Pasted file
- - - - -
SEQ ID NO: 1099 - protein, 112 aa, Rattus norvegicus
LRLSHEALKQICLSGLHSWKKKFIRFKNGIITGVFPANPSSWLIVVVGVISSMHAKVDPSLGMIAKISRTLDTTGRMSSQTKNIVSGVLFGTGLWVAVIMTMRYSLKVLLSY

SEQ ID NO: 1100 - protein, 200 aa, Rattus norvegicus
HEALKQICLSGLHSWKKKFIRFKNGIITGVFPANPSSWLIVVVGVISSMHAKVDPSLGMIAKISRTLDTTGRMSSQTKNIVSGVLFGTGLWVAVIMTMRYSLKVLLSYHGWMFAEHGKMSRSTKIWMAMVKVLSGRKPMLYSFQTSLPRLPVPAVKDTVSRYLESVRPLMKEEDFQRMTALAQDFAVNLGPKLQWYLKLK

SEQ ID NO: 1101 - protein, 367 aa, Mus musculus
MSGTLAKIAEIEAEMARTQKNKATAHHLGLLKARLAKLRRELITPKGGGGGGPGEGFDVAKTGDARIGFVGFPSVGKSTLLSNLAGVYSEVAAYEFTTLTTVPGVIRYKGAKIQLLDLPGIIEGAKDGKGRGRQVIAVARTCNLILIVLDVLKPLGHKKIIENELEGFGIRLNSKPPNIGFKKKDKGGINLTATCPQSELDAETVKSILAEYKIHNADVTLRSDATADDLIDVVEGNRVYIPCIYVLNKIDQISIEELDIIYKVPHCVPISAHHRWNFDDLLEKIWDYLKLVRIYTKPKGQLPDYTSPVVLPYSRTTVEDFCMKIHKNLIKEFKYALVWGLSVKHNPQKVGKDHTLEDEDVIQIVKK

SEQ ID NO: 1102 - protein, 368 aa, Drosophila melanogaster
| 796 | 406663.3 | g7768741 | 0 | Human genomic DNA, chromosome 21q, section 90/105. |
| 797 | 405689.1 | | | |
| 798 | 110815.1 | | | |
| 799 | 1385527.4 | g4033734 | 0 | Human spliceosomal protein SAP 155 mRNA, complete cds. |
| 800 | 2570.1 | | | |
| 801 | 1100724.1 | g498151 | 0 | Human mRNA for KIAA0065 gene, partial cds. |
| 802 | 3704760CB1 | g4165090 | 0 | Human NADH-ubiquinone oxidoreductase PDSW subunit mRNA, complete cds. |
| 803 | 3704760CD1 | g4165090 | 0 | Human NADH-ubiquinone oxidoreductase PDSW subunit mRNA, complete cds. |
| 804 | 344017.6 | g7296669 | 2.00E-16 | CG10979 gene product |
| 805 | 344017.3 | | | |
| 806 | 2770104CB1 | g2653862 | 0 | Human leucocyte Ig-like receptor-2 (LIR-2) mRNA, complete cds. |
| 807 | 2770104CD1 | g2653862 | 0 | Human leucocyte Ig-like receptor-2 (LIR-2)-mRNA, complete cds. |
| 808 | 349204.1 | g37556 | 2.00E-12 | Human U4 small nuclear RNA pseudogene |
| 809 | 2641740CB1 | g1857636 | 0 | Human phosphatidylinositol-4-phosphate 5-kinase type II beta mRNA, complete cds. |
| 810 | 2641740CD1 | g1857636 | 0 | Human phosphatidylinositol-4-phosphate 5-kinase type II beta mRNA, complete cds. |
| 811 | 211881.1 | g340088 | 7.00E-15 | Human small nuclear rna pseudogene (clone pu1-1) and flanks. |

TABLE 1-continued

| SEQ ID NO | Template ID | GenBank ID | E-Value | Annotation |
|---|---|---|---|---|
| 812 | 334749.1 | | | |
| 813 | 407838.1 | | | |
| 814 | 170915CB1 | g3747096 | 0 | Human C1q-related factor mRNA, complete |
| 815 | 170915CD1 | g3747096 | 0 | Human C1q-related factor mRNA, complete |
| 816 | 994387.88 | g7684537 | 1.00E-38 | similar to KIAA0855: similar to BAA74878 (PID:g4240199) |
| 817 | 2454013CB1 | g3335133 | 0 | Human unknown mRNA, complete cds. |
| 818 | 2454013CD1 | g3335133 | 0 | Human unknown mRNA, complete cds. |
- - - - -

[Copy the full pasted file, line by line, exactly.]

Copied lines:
SEQ ID NO: 1099 - protein, 112 aa, Rattus norvegicus
LRLSHEALKQICLSGLHSWKKKFIRFKNGIITGVFPANPSSWLIVVVGVISSMHAKVDPSLGMIAKISRTLDTTGRMSSQTKNIVSGVLFGTGLWVAVIMTMRYSLKVLLSY

SEQ ID NO: 1100 - protein, 200 aa, Rattus norvegicus
HEALKQICLSGLHSWKKKFIRFKNGIITGVFPANPSSWLIVVVGVISSMHAKVDPSLGMIAKISRTLDTTGRMSSQTKNIVSGVLFGTGLWVAVIMTMRYSLKVLLSYHGWMFAEHGKMSRSTKIWMAMVKVLSGRKPMLYSFQTSLPRLPVPAVKDTVSRYLESVRPLMKEEDFQRMTALAQDFAVNLGPKLQWYLKLK

SEQ ID NO: 1101 - protein, 367 aa, Mus musculus
MSGTLAKIAEIEAEMARTQKNKATAHHLGLLKARLAKLRRELITPKGGGGGGPGEGFDVAKTGDARIGFVGFPSVGKSTLLSNLAGVYSEVAAYEFTTLTTVPGVIRYKGAKIQLLDLPGIIEGAKDGKGRGRQVIAVARTCNLILIVLDVLKPLGHKKIIENELEGFGIRLNSKPPNIGFKKKDKGGINLTATCPQSELDAETVKSILAEYKIHNADVTLRSDATADDLIDVVEGNRVYIPCIYVLNKIDQISIEELDIIYKVPHCVPISAHHRWNFDDLLEKIWDYLKLVRIYTKPKGQLPDYTSPVVLPYSRTTVEDFCMKIHKNLIKEFKYALVWGLSVKHNPQKVGKDHTLEDEDVIQIVKK

SEQ ID NO: 1102 - protein, 368 aa, Drosophila melanogaster
| 796 | 406663.3 | g7768741 | 0 | Human genomic DNA, chromosome 21q, section 90/105. |
| 797 | 405689.1 | | | |
| 798 | 110815.1 | | | |
| 799 | 1385527.4 | g4033734 | 0 | Human spliceosomal protein SAP 155 mRNA, complete cds. |
| 800 | 2570.1 | | | |
| 801 | 1100724.1 | g498151 | 0 | Human mRNA for KIAA0065 gene, partial cds. |
| 802 | 3704760CB1 | g4165090 | 0 | Human NADH-ubiquinone oxidoreductase PDSW subunit mRNA, complete cds. |
| 803 | 3704760CD1 | g4165090 | 0 | Human NADH-ubiquinone oxidoreductase PDSW subunit mRNA, complete cds. |
| 804 | 344017.6 | g7296669 | 2.00E-16 | CG10979 gene product |
| 805 | 344017.3 | | | |
| 806 | 2770104CB1 | g2653862 | 0 | Human leucocyte Ig-like receptor-2 (LIR-2) mRNA, complete cds. |
| 807 | 2770104CD1 | g2653862 | 0 | Human leucocyte Ig-like receptor-2 (LIR-2)-mRNA, complete cds. |
| 808 | 349204.1 | g37556 | 2.00E-12 | Human U4 small nuclear RNA pseudogene |
| 809 | 2641740CB1 | g1857636 | 0 | Human phosphatidylinositol-4-phosphate 5-kinase type II beta mRNA, complete cds. |
| 810 | 2641740CD1 | g1857636 | 0 | Human phosphatidylinositol-4-phosphate 5-kinase type II beta mRNA, complete cds. |
| 811 | 211881.1 | g340088 | 7.00E-15 | Human small nuclear rna pseudogene (clone pu1-1) and flanks. |

TABLE 1-continued

| SEQ ID NO | Template ID | GenBank ID | E-Value | Annotation |
|---|---|---|---|---|
| 812 | 334749.1 | | | |
| 813 | 407838.1 | | | |
| 814 | 170915CB1 | g3747096 | 0 | Human C1q-related factor mRNA, complete |
| 815 | 170915CD1 | g3747096 | 0 | Human C1q-related factor mRNA, complete |
| 816 | 994387.88 | g7684537 | 1.00E-38 | similar to KIAA0855: similar to BAA74878 (PID:g4240199) |
| 817 | 2454013CB1 | g3335133 | 0 | Human unknown mRNA, complete cds. |
| 818 | 2454013CD1 | g3335133 | 0 | Human unknown mRNA, complete cds. |